I want to learn to play violin and then switch to electric violin. I'm concerned if I technically can play pieces for cello or other 4-string instruments using electric violin as a sound signal generator - to post-process it later and get proper sound.

By "technically" I mean physical possibility: does the technique of playing violin allows me to reproduce the melody that I can play on cello? - Without breaking or twisting my arms and fingers.

P.S. I'm nooby musician right now, so my wording may be a little bit harsh - fill free to edit and improve my question.

  • Some version of any piece can be played on any instrument (with greater or lesser degrees of modification necessary depending on how different the instruments are). You should be able to play anything written for cello on the violin, but likely not in the same key, and certainly not in the same register. Most straightforward approach would be to transpose up a fifth - unless C string is not used in the piece, in which case you can play in the same key.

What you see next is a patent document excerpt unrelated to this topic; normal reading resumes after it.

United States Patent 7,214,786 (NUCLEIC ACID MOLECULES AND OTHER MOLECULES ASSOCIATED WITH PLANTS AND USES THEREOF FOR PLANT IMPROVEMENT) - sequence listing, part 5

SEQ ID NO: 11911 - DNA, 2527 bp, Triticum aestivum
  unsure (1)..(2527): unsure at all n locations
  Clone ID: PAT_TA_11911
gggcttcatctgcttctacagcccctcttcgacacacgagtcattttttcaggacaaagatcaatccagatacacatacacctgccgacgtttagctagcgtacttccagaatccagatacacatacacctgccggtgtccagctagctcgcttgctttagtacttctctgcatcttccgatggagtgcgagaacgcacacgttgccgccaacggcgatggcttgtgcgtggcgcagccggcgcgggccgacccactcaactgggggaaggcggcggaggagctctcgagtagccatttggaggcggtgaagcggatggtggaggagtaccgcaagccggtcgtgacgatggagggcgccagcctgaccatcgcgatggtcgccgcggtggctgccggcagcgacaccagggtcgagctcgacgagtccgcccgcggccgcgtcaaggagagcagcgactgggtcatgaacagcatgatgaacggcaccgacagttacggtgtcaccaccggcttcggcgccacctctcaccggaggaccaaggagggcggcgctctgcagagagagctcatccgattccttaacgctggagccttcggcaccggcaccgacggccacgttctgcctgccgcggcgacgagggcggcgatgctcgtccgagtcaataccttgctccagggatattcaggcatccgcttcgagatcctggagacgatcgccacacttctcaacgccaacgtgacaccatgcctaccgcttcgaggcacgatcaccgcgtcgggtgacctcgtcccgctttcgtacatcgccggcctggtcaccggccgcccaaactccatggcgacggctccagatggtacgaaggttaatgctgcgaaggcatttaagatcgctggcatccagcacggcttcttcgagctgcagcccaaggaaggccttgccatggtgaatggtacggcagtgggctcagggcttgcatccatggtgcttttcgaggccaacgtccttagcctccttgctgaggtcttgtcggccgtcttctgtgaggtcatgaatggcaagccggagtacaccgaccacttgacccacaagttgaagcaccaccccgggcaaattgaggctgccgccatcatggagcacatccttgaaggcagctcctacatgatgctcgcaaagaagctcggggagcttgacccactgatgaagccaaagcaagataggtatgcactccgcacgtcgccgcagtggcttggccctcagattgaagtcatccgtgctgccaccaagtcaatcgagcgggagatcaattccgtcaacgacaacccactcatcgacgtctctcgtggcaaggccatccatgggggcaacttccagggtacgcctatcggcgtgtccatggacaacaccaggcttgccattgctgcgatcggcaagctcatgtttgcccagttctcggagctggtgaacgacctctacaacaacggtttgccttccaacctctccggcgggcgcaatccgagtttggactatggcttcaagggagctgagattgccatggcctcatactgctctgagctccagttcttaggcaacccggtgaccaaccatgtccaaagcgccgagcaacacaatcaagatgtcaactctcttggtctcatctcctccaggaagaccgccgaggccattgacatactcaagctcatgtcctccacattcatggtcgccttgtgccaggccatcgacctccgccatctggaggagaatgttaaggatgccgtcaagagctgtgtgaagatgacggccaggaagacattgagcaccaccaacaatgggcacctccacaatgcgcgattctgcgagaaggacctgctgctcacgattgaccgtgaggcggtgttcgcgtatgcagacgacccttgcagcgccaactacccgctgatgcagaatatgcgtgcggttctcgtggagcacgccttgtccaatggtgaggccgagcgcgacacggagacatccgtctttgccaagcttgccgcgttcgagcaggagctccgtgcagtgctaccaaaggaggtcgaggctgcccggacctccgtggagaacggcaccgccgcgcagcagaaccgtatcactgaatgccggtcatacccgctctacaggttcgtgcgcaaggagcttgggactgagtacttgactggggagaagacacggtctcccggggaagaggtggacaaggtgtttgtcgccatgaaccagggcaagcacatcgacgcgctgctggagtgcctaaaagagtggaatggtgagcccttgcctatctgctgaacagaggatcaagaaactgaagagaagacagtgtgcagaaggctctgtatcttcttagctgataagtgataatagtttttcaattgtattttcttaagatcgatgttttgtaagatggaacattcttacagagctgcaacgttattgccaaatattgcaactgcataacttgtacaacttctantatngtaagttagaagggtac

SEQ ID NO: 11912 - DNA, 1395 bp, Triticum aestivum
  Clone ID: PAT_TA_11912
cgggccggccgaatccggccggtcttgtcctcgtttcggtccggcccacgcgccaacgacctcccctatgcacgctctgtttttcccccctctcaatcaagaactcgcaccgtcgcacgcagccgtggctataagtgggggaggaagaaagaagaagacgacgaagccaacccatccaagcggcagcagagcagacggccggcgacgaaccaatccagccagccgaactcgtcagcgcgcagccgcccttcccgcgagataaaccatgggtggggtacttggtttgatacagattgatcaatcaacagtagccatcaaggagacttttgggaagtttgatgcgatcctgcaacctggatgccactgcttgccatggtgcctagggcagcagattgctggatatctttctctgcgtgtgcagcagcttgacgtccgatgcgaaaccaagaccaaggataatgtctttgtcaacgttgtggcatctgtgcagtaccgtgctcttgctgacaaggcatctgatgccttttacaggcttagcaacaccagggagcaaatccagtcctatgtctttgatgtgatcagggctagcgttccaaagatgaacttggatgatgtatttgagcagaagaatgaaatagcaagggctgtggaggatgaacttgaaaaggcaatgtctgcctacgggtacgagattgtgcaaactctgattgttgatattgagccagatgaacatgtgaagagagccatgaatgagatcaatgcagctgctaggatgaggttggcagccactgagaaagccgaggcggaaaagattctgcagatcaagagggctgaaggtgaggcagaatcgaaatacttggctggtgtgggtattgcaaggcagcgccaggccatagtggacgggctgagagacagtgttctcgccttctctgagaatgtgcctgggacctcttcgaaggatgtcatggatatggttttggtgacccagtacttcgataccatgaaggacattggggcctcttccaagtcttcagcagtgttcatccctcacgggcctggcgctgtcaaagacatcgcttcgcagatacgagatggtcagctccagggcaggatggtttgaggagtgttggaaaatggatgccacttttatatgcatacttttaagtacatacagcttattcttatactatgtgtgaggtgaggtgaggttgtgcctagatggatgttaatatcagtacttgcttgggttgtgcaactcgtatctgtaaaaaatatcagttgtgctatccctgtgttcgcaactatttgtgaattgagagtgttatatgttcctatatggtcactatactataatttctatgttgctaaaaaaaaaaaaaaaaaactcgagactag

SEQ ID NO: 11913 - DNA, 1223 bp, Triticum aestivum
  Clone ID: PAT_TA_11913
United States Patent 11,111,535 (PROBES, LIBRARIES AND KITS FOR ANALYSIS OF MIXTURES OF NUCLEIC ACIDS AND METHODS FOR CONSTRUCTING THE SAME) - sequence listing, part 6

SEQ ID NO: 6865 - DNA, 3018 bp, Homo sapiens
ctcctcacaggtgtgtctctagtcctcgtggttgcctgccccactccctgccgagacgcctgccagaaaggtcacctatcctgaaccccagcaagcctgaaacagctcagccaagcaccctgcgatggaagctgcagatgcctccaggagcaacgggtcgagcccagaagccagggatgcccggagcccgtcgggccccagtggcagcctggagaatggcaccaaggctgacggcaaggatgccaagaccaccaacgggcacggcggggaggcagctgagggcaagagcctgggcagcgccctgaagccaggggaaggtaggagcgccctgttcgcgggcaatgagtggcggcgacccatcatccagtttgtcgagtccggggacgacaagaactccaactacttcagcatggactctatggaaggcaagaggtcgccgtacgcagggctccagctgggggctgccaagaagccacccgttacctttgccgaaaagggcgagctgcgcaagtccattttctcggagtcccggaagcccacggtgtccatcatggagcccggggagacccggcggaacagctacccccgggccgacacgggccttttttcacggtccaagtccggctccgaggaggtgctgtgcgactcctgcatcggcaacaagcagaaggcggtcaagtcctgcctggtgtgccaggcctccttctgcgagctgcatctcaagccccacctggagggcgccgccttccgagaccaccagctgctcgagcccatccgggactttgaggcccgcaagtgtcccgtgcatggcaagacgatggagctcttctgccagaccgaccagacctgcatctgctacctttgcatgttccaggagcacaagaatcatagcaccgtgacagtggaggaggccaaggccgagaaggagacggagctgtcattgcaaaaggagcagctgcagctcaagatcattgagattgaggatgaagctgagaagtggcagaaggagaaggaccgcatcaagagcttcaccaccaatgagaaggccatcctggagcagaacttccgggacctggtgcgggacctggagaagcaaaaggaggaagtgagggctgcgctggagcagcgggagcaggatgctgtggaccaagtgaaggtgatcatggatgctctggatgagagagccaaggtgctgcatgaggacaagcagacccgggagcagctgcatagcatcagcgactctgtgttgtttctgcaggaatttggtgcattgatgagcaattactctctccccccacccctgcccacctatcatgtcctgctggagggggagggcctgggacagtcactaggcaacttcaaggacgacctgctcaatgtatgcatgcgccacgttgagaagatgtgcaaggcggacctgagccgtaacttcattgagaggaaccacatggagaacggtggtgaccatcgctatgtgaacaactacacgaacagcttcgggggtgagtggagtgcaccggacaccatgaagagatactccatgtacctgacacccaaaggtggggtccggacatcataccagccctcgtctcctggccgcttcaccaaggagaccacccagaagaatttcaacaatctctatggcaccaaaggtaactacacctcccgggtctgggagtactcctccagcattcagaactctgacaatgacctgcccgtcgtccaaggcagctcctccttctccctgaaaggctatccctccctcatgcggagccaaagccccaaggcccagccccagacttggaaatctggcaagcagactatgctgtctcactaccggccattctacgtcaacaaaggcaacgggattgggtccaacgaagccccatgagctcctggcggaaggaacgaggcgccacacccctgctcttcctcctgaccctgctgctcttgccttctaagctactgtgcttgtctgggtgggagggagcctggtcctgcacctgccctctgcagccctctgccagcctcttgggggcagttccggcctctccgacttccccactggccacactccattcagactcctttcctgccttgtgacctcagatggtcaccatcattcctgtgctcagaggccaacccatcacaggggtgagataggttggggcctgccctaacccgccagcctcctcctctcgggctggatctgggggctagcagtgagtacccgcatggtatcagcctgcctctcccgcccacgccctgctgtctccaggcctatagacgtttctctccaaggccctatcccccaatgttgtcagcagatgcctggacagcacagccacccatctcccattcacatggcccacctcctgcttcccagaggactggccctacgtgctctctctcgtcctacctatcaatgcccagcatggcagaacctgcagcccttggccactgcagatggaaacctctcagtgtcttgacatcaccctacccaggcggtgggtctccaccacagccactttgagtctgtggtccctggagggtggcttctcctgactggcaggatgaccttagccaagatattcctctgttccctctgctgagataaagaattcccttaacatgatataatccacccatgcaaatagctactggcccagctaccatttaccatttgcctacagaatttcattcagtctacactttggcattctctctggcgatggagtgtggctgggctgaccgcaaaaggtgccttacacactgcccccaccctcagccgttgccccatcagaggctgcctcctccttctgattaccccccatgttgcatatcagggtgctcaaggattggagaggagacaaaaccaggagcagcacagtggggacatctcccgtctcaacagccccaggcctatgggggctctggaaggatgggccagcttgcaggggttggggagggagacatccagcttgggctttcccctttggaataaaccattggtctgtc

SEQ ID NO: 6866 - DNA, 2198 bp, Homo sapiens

– MAA
    Nov 3, 2017 at 14:35

2 Answers 2


Yes it's possible to play pieces for violin that are were composed for cello. Check this out:

You might have to transcribe it a little, for example if a fingering position does get too awkward for you. But it shouldn't be an issue.


Assuming that by 'electro-violin' you mean an instrument with the same relationship to violin as an electric guitar has to guitar, the answer is 'not really'. You can put a microphone or pickup on a violin and process the sound. You can pitch-shift it down an octave or two. It may sound interesting. It won't really become a cello.

It's not a lot different with an electric violin.

  • Hm, I meant electric violin as well too. Will edit my question. Anyway what do you mean exactly by 'not really'?
    – abyss.7
    Jul 22, 2017 at 13:59

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